Get Out ★★★★

This review may contain spoilers. I can handle the truth.

This review may contain spoilers.

The crowd-pleaser Cabin in the Woods should've been.

There's only one great performance here, and that's Kaluuya's expressive portrayal of Chris, a truly ordinary millennial. Kaluuya plays the role to a T, with a humored, half-pained politeness that crackles through despite an endless string of casually-racist remarks, and his presence is jarring against the campy world that he inhabits. His existence in an otherwise cliched and manufactured B-movie horror helps to ease the audience into the film's setting, and our collective ability to relate to Chris, placed against our inability to relate to the vanilla suburban white family and the bizarre Stepford-style worker bodies, provides us with a comfortable vehicle for suspending disbelief and being humoured by the film's overbearing racism.

Most of Get Out plays off as a very sharp and calculated Key and Peele sketch, which is to say that the film, particularly its script, has been wittled down to just the highlights. It hops from one humorous interaction to the next, and while it's not particularly realistic, Peele has had a lot of experience in making absurdist sketches. His controlled ascent into satire is graceful here, with a full dosage of overt stereotyping — for both white and black characters — and verbal nuggets — "black mold" — thrown around for efficient humor.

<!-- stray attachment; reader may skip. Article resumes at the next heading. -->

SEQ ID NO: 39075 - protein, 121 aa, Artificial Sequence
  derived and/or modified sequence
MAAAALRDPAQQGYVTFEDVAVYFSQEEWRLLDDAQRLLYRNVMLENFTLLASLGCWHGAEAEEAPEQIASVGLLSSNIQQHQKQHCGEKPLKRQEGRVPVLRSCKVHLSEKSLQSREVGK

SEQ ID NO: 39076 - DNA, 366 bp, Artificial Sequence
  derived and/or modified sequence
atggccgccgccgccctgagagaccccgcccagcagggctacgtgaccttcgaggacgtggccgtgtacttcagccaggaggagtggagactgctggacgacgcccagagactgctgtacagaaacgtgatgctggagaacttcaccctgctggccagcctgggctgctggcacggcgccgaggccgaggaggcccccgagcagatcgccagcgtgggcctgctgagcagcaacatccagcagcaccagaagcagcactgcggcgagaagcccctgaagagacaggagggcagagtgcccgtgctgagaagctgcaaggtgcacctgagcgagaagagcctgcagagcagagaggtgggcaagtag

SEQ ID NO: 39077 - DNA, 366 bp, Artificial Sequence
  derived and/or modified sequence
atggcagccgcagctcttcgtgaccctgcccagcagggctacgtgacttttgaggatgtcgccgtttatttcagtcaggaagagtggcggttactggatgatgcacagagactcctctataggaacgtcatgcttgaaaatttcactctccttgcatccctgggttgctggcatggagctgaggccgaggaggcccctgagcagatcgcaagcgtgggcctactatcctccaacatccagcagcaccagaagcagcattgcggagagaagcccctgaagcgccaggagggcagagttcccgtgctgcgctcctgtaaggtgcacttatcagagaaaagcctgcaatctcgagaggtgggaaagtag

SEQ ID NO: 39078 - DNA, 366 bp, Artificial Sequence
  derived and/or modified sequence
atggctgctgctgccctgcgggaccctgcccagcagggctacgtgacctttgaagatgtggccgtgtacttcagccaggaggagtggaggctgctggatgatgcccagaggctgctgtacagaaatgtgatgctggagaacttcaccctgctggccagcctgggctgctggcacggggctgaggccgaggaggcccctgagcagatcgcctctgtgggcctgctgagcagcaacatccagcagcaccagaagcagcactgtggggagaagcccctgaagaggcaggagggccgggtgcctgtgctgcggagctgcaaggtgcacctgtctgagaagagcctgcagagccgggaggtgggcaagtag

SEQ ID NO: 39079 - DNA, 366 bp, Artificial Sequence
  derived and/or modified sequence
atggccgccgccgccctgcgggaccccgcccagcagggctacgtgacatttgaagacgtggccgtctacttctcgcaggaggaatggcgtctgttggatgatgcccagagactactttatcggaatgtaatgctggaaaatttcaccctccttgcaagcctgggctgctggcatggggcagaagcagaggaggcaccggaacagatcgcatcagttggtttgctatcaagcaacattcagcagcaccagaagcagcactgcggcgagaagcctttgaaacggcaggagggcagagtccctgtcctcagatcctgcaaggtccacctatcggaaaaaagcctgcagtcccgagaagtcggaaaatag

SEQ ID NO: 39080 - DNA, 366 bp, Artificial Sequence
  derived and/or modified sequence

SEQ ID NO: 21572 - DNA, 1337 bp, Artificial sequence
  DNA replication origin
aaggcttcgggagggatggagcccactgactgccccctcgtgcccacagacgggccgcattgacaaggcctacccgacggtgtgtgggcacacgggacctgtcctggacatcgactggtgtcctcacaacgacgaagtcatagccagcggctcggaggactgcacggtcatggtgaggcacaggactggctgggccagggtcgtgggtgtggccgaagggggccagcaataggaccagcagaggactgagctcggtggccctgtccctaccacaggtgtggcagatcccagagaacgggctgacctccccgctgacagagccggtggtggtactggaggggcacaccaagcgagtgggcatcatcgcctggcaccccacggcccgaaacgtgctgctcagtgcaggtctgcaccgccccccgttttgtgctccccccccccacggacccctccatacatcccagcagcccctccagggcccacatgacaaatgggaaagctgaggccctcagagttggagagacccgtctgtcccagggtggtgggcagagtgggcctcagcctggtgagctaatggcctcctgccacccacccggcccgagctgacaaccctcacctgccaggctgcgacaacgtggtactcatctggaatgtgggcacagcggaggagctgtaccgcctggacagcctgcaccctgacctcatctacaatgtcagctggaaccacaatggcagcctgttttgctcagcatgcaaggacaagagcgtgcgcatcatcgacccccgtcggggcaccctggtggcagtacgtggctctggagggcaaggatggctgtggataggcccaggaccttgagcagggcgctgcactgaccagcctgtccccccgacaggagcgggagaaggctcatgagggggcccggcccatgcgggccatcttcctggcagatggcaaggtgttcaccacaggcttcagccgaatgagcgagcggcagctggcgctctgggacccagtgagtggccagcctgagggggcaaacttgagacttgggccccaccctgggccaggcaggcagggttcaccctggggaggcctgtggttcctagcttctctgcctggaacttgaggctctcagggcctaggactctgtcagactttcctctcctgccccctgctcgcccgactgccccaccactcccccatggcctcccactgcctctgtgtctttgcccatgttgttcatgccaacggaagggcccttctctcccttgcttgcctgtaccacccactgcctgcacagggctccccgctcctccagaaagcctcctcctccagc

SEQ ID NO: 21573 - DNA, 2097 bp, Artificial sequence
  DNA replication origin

From a social commentator's perspective, it succeeds in some regards and fails disappointingly in others. It wins in its positive spin on the TSA, but loses in its stereotypical black-sidekick role. Whether or not the dichotomy between Chris and his enthusiastic friend was intended, I can't accept how useless Rod turned out to be in the grand scheme of things except as a comedic diversion.

And in the film's sudden shift from the white majority as misguided and ignorant to the willfully evil? Like the reveal at the end of Cabin in the Woods, I was more than a little disappointed. Though not as egregious as Cabin, it was an awkward shift that diluted the message and turned the last 30 minutes into a cliched action-horror romp. Its portrayal of the black man as the scared and degraded falls flat in its final, action-packed show of strength, and as it turns out, the whole black-body-snatcher ordeal was never really about the racial connotations in the first place. The film's main plot point would have worked equally well without the racial dagger, which is surprising given all the built-up setup and attention to it.

At some point during the film, it was apparent to me that Peele seemed torn between making a socially-aware racial comedy and making a legitimately-creepy action-horror, and in adhering to the latter, he made some sacrifices to the former. It's not a perfect film by any means, but taken apart from its socio-political message, the film works wonderfully as a very funny, very spooky genre blend. If you watch this with a crowd of people by your side, you'll have a raucously good time, and that's the best kind of movie experience.